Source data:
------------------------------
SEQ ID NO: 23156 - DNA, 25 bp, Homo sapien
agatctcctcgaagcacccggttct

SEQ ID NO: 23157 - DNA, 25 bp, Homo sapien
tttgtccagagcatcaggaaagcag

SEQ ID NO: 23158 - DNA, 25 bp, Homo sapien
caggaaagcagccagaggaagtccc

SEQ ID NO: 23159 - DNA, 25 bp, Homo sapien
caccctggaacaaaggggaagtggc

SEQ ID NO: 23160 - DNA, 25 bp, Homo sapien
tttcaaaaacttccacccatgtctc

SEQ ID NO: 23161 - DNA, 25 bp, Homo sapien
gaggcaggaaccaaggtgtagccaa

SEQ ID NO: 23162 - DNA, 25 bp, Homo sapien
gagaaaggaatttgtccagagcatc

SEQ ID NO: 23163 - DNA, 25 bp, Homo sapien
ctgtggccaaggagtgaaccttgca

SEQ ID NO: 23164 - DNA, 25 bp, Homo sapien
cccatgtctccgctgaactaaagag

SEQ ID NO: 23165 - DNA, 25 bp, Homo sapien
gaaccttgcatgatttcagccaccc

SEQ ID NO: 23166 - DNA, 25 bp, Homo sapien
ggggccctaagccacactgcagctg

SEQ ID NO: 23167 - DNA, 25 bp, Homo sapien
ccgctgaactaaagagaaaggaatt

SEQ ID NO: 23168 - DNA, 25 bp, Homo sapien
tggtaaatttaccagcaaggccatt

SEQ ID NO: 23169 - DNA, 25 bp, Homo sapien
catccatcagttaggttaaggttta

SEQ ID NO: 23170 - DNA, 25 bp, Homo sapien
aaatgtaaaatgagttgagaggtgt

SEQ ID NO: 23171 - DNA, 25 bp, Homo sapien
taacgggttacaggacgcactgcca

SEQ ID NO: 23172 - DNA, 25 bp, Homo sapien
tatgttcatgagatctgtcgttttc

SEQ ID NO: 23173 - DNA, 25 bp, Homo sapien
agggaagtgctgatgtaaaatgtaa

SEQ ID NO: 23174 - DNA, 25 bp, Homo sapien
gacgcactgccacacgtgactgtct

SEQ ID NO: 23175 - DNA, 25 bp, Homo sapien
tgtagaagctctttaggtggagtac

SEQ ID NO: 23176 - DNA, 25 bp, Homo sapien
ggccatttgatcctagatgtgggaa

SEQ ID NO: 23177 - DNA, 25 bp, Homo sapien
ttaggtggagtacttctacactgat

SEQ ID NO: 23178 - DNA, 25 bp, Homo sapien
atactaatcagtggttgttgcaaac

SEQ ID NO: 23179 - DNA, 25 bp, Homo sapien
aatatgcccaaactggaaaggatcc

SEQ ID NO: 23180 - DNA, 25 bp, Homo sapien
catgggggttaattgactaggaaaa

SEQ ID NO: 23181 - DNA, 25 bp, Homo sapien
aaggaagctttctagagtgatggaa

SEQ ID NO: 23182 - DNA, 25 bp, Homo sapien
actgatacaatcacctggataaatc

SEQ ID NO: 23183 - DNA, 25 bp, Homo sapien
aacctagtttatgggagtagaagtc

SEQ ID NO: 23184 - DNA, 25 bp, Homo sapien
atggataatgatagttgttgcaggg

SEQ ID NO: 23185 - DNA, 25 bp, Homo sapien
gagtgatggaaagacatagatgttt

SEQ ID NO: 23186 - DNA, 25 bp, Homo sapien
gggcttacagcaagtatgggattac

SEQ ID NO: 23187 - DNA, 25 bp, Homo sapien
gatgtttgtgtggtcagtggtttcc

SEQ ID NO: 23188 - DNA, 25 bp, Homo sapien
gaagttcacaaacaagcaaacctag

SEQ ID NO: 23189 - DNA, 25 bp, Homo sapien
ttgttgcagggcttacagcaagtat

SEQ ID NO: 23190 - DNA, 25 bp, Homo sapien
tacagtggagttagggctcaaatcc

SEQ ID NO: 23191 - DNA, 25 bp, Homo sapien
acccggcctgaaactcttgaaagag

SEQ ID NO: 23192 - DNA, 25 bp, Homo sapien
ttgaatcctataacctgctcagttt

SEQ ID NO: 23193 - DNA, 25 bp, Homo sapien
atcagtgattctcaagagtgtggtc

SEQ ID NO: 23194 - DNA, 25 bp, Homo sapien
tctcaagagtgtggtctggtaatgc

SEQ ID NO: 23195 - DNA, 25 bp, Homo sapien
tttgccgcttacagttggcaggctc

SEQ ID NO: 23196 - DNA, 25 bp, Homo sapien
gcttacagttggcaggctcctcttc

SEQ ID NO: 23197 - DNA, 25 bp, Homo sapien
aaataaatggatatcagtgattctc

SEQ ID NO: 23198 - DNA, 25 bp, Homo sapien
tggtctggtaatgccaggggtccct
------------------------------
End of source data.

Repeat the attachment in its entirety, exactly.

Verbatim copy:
SEQ ID NO: 23156 - DNA, 25 bp, Homo sapien
agatctcctcgaagcacccggttct

SEQ ID NO: 23157 - DNA, 25 bp, Homo sapien
tttgtccagagcatcaggaaagcag

SEQ ID NO: 23158 - DNA, 25 bp, Homo sapien
caggaaagcagccagaggaagtccc

SEQ ID NO: 23159 - DNA, 25 bp, Homo sapien
caccctggaacaaaggggaagtggc

SEQ ID NO: 23160 - DNA, 25 bp, Homo sapien
tttcaaaaacttccacccatgtctc

SEQ ID NO: 23161 - DNA, 25 bp, Homo sapien
gaggcaggaaccaaggtgtagccaa

SEQ ID NO: 23162 - DNA, 25 bp, Homo sapien
gagaaaggaatttgtccagagcatc

SEQ ID NO: 23163 - DNA, 25 bp, Homo sapien
ctgtggccaaggagtgaaccttgca

SEQ ID NO: 23164 - DNA, 25 bp, Homo sapien
cccatgtctccgctgaactaaagag

SEQ ID NO: 23165 - DNA, 25 bp, Homo sapien
gaaccttgcatgatttcagccaccc

SEQ ID NO: 23166 - DNA, 25 bp, Homo sapien
ggggccctaagccacactgcagctg

SEQ ID NO: 23167 - DNA, 25 bp, Homo sapien
ccgctgaactaaagagaaaggaatt

SEQ ID NO: 23168 - DNA, 25 bp, Homo sapien
tggtaaatttaccagcaaggccatt

SEQ ID NO: 23169 - DNA, 25 bp, Homo sapien
catccatcagttaggttaaggttta

SEQ ID NO: 23170 - DNA, 25 bp, Homo sapien
aaatgtaaaatgagttgagaggtgt

SEQ ID NO: 23171 - DNA, 25 bp, Homo sapien
taacgggttacaggacgcactgcca

SEQ ID NO: 23172 - DNA, 25 bp, Homo sapien
tatgttcatgagatctgtcgttttc

SEQ ID NO: 23173 - DNA, 25 bp, Homo sapien
agggaagtgctgatgtaaaatgtaa

SEQ ID NO: 23174 - DNA, 25 bp, Homo sapien
gacgcactgccacacgtgactgtct

SEQ ID NO: 23175 - DNA, 25 bp, Homo sapien
tgtagaagctctttaggtggagtac

SEQ ID NO: 23176 - DNA, 25 bp, Homo sapien
ggccatttgatcctagatgtgggaa

SEQ ID NO: 23177 - DNA, 25 bp, Homo sapien
ttaggtggagtacttctacactgat

SEQ ID NO: 23178 - DNA, 25 bp, Homo sapien
atactaatcagtggttgttgcaaac

SEQ ID NO: 23179 - DNA, 25 bp, Homo sapien
aatatgcccaaactggaaaggatcc

SEQ ID NO: 23180 - DNA, 25 bp, Homo sapien
catgggggttaattgactaggaaaa

SEQ ID NO: 23181 - DNA, 25 bp, Homo sapien
aaggaagctttctagagtgatggaa

SEQ ID NO: 23182 - DNA, 25 bp, Homo sapien
actgatacaatcacctggataaatc

SEQ ID NO: 23183 - DNA, 25 bp, Homo sapien
aacctagtttatgggagtagaagtc

SEQ ID NO: 23184 - DNA, 25 bp, Homo sapien
atggataatgatagttgttgcaggg

SEQ ID NO: 23185 - DNA, 25 bp, Homo sapien
gagtgatggaaagacatagatgttt

SEQ ID NO: 23186 - DNA, 25 bp, Homo sapien
gggcttacagcaagtatgggattac

SEQ ID NO: 23187 - DNA, 25 bp, Homo sapien
gatgtttgtgtggtcagtggtttcc

SEQ ID NO: 23188 - DNA, 25 bp, Homo sapien
gaagttcacaaacaagcaaacctag

SEQ ID NO: 23189 - DNA, 25 bp, Homo sapien
ttgttgcagggcttacagcaagtat

SEQ ID NO: 23190 - DNA, 25 bp, Homo sapien
tacagtggagttagggctcaaatcc

SEQ ID NO: 23191 - DNA, 25 bp, Homo sapien
acccggcctgaaactcttgaaagag

SEQ ID NO: 23192 - DNA, 25 bp, Homo sapien
ttgaatcctataacctgctcagttt

SEQ ID NO: 23193 - DNA, 25 bp, Homo sapien
atcagtgattctcaagagtgtggtc

SEQ ID NO: 23194 - DNA, 25 bp, Homo sapien
tctcaagagtgtggtctggtaatgc

SEQ ID NO: 23195 - DNA, 25 bp, Homo sapien
tttgccgcttacagttggcaggctc

SEQ ID NO: 23196 - DNA, 25 bp, Homo sapien
gcttacagttggcaggctcctcttc

SEQ ID NO: 23197 - DNA, 25 bp, Homo sapien
aaataaatggatatcagtgattctc

SEQ ID NO: 23198 - DNA, 25 bp, Homo sapien
tggtctggtaatgccaggggtccct